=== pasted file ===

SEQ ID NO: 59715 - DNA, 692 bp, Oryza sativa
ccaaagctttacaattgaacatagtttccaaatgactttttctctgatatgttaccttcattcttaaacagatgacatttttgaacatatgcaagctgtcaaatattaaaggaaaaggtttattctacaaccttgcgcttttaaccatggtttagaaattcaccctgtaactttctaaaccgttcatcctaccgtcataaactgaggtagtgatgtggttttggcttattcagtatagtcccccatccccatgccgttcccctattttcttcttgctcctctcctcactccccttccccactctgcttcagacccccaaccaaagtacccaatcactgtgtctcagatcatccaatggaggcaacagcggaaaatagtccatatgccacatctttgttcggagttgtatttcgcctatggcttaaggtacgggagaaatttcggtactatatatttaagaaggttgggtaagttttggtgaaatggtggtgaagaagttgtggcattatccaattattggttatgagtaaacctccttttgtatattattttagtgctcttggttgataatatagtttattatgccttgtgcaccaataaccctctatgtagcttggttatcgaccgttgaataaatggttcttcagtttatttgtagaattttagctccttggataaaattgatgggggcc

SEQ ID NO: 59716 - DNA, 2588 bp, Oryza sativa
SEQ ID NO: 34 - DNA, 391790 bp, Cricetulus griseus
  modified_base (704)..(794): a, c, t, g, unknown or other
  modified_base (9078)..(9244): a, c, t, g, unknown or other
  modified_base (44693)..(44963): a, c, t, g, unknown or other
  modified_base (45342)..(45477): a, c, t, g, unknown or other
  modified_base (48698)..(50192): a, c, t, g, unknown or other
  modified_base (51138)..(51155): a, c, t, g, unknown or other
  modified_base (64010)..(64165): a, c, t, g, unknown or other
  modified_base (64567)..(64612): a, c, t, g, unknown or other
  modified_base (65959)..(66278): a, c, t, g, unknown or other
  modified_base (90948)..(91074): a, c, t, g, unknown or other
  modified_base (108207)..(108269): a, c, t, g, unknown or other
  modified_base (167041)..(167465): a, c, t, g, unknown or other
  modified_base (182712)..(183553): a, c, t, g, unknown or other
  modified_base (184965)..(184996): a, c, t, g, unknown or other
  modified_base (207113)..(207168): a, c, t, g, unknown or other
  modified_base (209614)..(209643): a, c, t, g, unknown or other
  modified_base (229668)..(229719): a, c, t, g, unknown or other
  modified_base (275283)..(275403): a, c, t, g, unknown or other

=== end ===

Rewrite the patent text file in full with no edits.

SEQ ID NO: 59715 - DNA, 692 bp, Oryza sativa
ccaaagctttacaattgaacatagtttccaaatgactttttctctgatatgttaccttcattcttaaacagatgacatttttgaacatatgcaagctgtcaaatattaaaggaaaaggtttattctacaaccttgcgcttttaaccatggtttagaaattcaccctgtaactttctaaaccgttcatcctaccgtcataaactgaggtagtgatgtggttttggcttattcagtatagtcccccatccccatgccgttcccctattttcttcttgctcctctcctcactccccttccccactctgcttcagacccccaaccaaagtacccaatcactgtgtctcagatcatccaatggaggcaacagcggaaaatagtccatatgccacatctttgttcggagttgtatttcgcctatggcttaaggtacgggagaaatttcggtactatatatttaagaaggttgggtaagttttggtgaaatggtggtgaagaagttgtggcattatccaattattggttatgagtaaacctccttttgtatattattttagtgctcttggttgataatatagtttattatgccttgtgcaccaataaccctctatgtagcttggttatcgaccgttgaataaatggttcttcagtttatttgtagaattttagctccttggataaaattgatgggggcc

SEQ ID NO: 59716 - DNA, 2588 bp, Oryza sativa
SEQ ID NO: 34 - DNA, 391790 bp, Cricetulus griseus
  modified_base (704)..(794): a, c, t, g, unknown or other
  modified_base (9078)..(9244): a, c, t, g, unknown or other
  modified_base (44693)..(44963): a, c, t, g, unknown or other
  modified_base (45342)..(45477): a, c, t, g, unknown or other
  modified_base (48698)..(50192): a, c, t, g, unknown or other
  modified_base (51138)..(51155): a, c, t, g, unknown or other
  modified_base (64010)..(64165): a, c, t, g, unknown or other
  modified_base (64567)..(64612): a, c, t, g, unknown or other
  modified_base (65959)..(66278): a, c, t, g, unknown or other
  modified_base (90948)..(91074): a, c, t, g, unknown or other
  modified_base (108207)..(108269): a, c, t, g, unknown or other
  modified_base (167041)..(167465): a, c, t, g, unknown or other
  modified_base (182712)..(183553): a, c, t, g, unknown or other
  modified_base (184965)..(184996): a, c, t, g, unknown or other
  modified_base (207113)..(207168): a, c, t, g, unknown or other
  modified_base (209614)..(209643): a, c, t, g, unknown or other
  modified_base (229668)..(229719): a, c, t, g, unknown or other
  modified_base (275283)..(275403): a, c, t, g, unknown or other